BBC Monitoring, the UK service that translates and analyses global media, is in danger of becoming a "hollow shell", MPs have warned.
The government has moved responsibility for its funding to the BBC, which the Defence Committee said had "entirely predictably" led to cuts.
It added that BBC Monitoring was "vital" to diplomacy and business.
The BBC said it was "confident" the service would continue to meet the UK government's needs.
The government directly funded BBC Monitoring until 2013, when responsibility passed to the BBC under an agreement announced by Chancellor George Osborne in 2010.
The cross-party committee said this had left the service exposed, with around 100 jobs set to go unde r a re-structuring programme.
It expressed concern at plans to move Monitoring out of its current Caversham Park headquarters in Berkshire, where it operates alongside US counterpart Open Source Enterprise, because of potential disruption to information-sharing.
Currently, Monitoring covers 25% of the globe, while Open Source Enterprise covers the remaining 75%.
The committee's report said: "The government uses open-source information for indicators and warnings of areas of instability and potential threats to UK security.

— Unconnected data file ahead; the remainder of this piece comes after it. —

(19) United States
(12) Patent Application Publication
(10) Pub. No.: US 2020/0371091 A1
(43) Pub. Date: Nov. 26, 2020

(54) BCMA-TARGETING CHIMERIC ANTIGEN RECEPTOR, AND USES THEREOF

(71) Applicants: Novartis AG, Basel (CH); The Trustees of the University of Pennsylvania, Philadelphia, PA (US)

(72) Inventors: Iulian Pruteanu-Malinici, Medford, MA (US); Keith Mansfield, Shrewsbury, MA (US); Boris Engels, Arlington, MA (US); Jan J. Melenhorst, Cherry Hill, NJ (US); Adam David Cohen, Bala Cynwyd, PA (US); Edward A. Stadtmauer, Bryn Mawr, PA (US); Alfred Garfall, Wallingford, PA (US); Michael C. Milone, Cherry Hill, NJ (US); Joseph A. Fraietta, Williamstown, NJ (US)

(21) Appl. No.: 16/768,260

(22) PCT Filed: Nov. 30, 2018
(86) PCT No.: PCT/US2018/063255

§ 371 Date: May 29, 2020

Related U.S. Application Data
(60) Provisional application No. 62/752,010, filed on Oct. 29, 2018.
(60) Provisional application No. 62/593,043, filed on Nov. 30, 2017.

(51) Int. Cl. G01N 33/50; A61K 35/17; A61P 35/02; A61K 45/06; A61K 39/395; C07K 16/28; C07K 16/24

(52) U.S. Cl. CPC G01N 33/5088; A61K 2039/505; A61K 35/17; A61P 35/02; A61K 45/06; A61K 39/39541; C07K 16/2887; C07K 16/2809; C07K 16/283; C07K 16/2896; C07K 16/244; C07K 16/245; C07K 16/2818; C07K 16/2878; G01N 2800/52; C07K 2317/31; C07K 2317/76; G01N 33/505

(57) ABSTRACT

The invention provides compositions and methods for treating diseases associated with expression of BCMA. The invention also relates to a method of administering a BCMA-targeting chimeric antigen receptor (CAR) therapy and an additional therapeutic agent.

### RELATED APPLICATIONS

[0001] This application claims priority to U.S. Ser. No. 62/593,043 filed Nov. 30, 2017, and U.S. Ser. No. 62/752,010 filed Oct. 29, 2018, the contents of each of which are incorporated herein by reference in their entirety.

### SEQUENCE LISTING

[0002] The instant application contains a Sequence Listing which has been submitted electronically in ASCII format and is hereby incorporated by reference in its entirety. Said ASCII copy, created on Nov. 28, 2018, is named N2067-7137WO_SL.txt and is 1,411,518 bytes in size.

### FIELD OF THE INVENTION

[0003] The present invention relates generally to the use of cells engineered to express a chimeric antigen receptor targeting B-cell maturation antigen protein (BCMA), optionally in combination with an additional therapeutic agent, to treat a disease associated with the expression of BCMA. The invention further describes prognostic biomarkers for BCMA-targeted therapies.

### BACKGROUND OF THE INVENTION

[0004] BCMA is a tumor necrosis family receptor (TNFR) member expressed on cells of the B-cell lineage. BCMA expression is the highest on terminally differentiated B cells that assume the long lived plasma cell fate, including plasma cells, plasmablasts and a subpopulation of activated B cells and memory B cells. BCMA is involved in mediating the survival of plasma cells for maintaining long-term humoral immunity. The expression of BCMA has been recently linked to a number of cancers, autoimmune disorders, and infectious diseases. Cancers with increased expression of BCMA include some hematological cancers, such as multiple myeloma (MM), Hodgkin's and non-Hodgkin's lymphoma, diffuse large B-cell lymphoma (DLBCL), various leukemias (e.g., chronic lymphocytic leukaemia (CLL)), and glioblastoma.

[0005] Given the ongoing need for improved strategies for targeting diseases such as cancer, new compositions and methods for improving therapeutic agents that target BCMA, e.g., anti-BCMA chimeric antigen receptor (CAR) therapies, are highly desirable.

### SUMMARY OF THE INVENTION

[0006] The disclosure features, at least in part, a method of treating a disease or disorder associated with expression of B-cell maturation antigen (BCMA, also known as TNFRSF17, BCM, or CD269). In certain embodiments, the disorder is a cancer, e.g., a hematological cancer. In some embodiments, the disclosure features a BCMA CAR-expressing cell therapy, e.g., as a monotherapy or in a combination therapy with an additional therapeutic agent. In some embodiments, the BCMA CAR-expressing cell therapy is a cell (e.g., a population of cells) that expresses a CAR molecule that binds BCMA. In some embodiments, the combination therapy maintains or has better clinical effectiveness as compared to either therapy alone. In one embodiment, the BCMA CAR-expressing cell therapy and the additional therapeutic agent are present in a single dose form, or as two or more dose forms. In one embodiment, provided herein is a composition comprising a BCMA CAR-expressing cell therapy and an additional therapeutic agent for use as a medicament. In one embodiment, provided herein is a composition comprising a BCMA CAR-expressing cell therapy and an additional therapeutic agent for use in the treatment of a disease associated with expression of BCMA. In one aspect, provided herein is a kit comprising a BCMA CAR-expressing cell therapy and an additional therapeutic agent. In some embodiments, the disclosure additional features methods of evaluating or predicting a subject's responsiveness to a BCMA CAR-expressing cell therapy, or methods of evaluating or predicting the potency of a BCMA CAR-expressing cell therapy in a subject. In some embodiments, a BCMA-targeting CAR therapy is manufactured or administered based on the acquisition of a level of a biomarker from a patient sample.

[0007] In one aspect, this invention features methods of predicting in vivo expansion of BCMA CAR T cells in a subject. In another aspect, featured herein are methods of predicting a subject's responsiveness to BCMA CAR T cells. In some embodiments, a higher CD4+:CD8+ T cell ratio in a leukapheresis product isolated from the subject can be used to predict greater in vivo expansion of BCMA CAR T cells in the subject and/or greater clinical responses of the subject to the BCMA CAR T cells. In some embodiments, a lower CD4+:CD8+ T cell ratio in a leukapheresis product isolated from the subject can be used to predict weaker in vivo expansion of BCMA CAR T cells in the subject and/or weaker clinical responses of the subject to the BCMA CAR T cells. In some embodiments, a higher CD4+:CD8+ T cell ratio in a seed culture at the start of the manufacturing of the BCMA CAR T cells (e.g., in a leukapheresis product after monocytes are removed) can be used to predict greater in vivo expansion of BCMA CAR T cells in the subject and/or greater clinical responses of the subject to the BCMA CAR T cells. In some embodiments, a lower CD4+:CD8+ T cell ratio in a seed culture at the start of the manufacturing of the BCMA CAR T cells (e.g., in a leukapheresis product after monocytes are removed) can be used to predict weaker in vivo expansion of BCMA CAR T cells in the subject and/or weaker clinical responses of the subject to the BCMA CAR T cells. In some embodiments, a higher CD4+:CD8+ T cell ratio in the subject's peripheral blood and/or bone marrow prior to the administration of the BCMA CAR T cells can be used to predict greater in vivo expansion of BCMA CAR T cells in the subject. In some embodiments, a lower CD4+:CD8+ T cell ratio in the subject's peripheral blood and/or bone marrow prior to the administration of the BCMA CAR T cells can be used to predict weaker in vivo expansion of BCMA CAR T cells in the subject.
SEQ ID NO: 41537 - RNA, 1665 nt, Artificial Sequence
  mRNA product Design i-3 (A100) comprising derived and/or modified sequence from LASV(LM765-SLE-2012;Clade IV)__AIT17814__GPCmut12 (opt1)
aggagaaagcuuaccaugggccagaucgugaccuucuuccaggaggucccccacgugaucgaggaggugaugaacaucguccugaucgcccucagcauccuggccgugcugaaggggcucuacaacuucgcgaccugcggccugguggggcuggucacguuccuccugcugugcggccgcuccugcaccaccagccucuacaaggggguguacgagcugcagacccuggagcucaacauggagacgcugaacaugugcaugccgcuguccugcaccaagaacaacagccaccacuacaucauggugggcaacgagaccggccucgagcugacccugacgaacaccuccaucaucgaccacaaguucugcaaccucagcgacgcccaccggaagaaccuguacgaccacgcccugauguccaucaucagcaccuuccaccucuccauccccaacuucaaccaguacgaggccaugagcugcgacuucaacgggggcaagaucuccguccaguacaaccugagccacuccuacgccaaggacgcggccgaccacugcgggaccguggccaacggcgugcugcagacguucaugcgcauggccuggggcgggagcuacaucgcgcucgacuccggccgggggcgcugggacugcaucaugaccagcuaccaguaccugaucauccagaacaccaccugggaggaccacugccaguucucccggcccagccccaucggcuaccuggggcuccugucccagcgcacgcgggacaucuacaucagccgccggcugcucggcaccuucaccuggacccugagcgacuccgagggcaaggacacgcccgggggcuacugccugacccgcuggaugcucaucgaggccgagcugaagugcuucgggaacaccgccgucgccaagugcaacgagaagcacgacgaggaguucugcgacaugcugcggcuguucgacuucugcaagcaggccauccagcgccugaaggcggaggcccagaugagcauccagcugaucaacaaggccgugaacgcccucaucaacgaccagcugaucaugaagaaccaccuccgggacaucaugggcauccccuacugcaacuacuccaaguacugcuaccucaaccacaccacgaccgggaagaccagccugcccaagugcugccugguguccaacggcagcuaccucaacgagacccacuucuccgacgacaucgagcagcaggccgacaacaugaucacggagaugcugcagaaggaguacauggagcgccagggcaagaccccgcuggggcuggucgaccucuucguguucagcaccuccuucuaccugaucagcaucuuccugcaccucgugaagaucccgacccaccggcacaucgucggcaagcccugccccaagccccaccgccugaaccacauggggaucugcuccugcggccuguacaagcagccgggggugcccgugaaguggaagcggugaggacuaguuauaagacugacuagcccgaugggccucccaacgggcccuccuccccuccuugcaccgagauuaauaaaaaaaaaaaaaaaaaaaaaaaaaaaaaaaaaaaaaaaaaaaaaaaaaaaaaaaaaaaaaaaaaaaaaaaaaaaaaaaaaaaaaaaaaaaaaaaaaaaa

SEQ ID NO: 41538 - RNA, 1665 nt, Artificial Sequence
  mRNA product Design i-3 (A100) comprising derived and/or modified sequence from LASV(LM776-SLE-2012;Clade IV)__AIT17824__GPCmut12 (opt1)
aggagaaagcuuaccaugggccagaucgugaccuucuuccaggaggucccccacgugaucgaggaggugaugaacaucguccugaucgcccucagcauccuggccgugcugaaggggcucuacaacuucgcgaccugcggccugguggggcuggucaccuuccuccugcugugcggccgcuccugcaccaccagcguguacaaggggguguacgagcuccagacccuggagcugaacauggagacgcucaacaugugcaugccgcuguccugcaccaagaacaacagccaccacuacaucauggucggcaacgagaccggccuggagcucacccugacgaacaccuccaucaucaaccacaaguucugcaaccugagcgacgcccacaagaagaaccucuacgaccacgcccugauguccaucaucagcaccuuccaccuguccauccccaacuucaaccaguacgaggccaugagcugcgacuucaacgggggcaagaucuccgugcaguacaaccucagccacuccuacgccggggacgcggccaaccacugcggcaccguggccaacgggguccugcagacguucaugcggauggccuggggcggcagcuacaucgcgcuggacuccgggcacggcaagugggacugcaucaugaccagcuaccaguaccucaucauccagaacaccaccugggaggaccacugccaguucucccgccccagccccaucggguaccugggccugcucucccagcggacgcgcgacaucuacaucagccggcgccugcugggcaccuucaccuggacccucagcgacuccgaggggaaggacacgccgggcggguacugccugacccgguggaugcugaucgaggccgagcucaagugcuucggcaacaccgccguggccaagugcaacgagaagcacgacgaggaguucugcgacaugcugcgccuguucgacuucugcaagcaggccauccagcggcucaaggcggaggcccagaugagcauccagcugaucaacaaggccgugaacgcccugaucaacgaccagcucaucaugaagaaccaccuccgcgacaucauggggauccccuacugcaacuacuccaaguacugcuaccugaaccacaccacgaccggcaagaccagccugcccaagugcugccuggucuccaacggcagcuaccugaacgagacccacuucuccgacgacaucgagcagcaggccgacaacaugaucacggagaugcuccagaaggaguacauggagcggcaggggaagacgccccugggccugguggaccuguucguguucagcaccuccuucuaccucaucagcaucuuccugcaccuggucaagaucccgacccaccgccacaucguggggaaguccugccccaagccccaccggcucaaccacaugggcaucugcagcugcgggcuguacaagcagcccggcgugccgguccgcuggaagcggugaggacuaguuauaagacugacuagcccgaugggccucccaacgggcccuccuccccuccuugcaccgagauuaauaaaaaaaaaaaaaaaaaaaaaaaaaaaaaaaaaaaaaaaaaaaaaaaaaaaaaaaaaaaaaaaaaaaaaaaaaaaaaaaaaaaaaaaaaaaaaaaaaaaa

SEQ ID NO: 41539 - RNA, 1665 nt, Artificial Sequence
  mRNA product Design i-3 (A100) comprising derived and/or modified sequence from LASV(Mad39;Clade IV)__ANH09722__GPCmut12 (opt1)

"The decisions made concerning the funding and governance of BBC Monitoring over the past decade or so have been woefully short-sighted and catastrophically ill-thought-out.
"A service that has the potential to be a vital tool in opening the world to UK diplomacy and business is in grave danger of becoming a hollow shell of its former existence."
A BBC spokeswoman said: "The media landscape has changed vastly since the creation of BBC Monitoring in the 1930s and we believe our planned restructure is vital to equip us for a world in which digital skills are far more important than physical location.
"We are confident that we will continue to meet the UK government's needs for open-source monitoring and they have told us they are happy with our changes."